Then, when I started to play bass, it all came together.
#18
Sabotage by the Beastie Boys, I always thought it was either some rythm guitar shoot or some dj-ing bullshot, but appearently it was just heavily distorted bass.

Yeah now I play it a lot.
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#19
I didnt really notice bass all that much till i started playing it, but for me the song that sticks out is "The Sleep" by Pantera. The bass isnt mixed that high in the Pantera records, but Rex does some amazing little melodic licks in the acoustic bits and under the solo.

I could write a really long list of other songs, but the truth is since playing bass I have a better appreciation of all music. Even annoying pop on the radio usually has some cool little bass thing going on (not neccesarily on a bass guitar) and this improved listening makes music so much more interesting and fun.
#20
Definitely the Beatles stuff, as thefitz said.
'Something'...that's not even McCartney's song! Yet it's got a great melodic bassline. I know it might have been Harrison who wrote it, but even so, to put bass that high and important in the mix is quite unusual and very cool.
I think nearly everyone has heard a lot of the Beatles, but when you sit down and really listen to it then it's just amazing how dominant the bass is. I remember a magazine poll of the 100 greatest musicians of all time, and the bit about McCartney was as much about how he turned bass playing upside down as his singing.

Queen, as well. Sure, there's songs like 'Another One Bites the Dust' where Deacon is obviously there, but if you listen to songs like Crazy Little Thing Called Love, No-One But You, or even Bohemian Rhapsody, the bass is doing very cool stuff that you wouldn't even notice without thinking about it.

'I Will Survive' and 'Son of a Preacher Man' both have great bass, too, that you might not notice...and if someone puts the latter into Guitar Pro or Powertab, I'd be extremely grateful.
#21
Quote by WhyLater


Actually this is a pretty topical thread for me. I'd listened to Nirvana some before I played bass. AND I'd listened to them from time to time after picking up the bass. In fact, I've covered almost half a dozen Nirvana songs in my early, cover band days [reminisces].

But today... TODAY... I actually listened to Nirvana for the first time in awhile. And for the first time, I heard how prominent and important Krist's basslines are in the mix. I mean of course, he wasn't mind-blowing or anything, but I mean, I never ever even paid attention to the instrumentation in Nirvana until today. And he carries that bottom end. It's pretty crazy.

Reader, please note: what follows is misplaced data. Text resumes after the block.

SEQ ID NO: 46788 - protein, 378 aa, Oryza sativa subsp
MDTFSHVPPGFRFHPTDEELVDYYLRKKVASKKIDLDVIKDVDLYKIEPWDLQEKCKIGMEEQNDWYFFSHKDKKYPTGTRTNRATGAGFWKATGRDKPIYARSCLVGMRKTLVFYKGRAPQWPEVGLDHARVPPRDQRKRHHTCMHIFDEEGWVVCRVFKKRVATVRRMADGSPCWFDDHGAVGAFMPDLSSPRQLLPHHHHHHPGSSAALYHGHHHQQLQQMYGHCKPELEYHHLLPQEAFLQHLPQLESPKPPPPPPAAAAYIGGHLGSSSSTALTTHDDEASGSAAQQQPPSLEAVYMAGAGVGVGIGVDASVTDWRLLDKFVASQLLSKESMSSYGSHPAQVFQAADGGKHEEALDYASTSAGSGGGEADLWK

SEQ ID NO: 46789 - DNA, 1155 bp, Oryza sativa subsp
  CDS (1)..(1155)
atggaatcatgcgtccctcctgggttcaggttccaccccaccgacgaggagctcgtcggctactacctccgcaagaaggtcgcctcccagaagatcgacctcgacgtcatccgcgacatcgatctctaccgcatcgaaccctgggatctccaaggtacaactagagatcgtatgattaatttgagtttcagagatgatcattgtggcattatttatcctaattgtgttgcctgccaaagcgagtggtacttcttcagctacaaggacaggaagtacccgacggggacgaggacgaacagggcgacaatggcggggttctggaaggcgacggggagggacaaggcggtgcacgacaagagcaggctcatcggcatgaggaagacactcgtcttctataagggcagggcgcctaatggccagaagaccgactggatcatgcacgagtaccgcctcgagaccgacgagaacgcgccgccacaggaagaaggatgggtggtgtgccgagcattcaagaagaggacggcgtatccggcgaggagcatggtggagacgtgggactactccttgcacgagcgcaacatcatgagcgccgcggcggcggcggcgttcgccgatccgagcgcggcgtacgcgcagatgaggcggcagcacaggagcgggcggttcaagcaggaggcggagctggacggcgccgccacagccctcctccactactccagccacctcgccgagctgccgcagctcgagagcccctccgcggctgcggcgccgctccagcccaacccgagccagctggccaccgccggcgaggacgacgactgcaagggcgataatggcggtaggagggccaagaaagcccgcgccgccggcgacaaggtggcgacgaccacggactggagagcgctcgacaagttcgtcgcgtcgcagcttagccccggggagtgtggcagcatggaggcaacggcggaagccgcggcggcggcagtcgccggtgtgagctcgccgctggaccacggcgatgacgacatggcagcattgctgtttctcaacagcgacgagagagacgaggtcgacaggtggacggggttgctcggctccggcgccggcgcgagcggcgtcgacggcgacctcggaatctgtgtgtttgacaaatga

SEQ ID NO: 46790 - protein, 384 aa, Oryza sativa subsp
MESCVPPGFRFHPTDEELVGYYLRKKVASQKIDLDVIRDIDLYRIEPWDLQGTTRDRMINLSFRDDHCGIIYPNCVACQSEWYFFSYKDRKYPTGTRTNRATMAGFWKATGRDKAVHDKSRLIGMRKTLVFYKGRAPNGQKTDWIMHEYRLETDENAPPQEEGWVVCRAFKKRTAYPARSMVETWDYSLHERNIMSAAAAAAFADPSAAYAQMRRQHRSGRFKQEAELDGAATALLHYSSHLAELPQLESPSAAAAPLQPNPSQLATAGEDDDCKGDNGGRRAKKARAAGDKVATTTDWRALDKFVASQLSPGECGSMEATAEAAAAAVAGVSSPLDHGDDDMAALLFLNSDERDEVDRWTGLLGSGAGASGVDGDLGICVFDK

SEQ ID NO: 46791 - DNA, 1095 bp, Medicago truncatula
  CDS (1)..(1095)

Very similair stories,including the covering of Nirvana songs....found an old setlist the other day, remebered covering Nirvana and Primus (Too many puppies, the easiest song, I wanted to do Srgnt Baker as I remember, but my guitarist couldnt be arsed to learn it)

Anyway, bringing me on to my next couple of points, Primus, Tommy the Cat was a song I'd been sent by my mate, and listened too, and thought was rubbish, I'd also hard Wynona and seen the video...

fast forward 6 months, when I'd been playing bass a little bit and I re-listen to Tommy the Cat, sitting bored at my computer, and suddenly it all made sense...now possibly my favourite song of all time.

Also, Marilyn Manson, in particular with the Antichrist Superstar album, has some great driving bass work by mr Jeordie White, a lot of it is roots, but it just drives the music, and I never picked up on that until I played bass (the first stuff I learnt was Manson)

but he plays a thunderbird

but he's back and doing a new album man I love Twiggy
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#22
Wonderwall by Oasis has got a great bassline.

You just can't really hear it on the recorded version so I just noticed it when I had to learn it for my ex-band.
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#23
Welcome To The Jungle (esp. the intro with the 5ths) and Mr. Brownstone by GNR are two songs i didn't particularly like but when i started to play them it was totally different.
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#24
Same old Nirvana story for me too but also Gun 'n' Roses, I never realised just how much Duff did for their songs.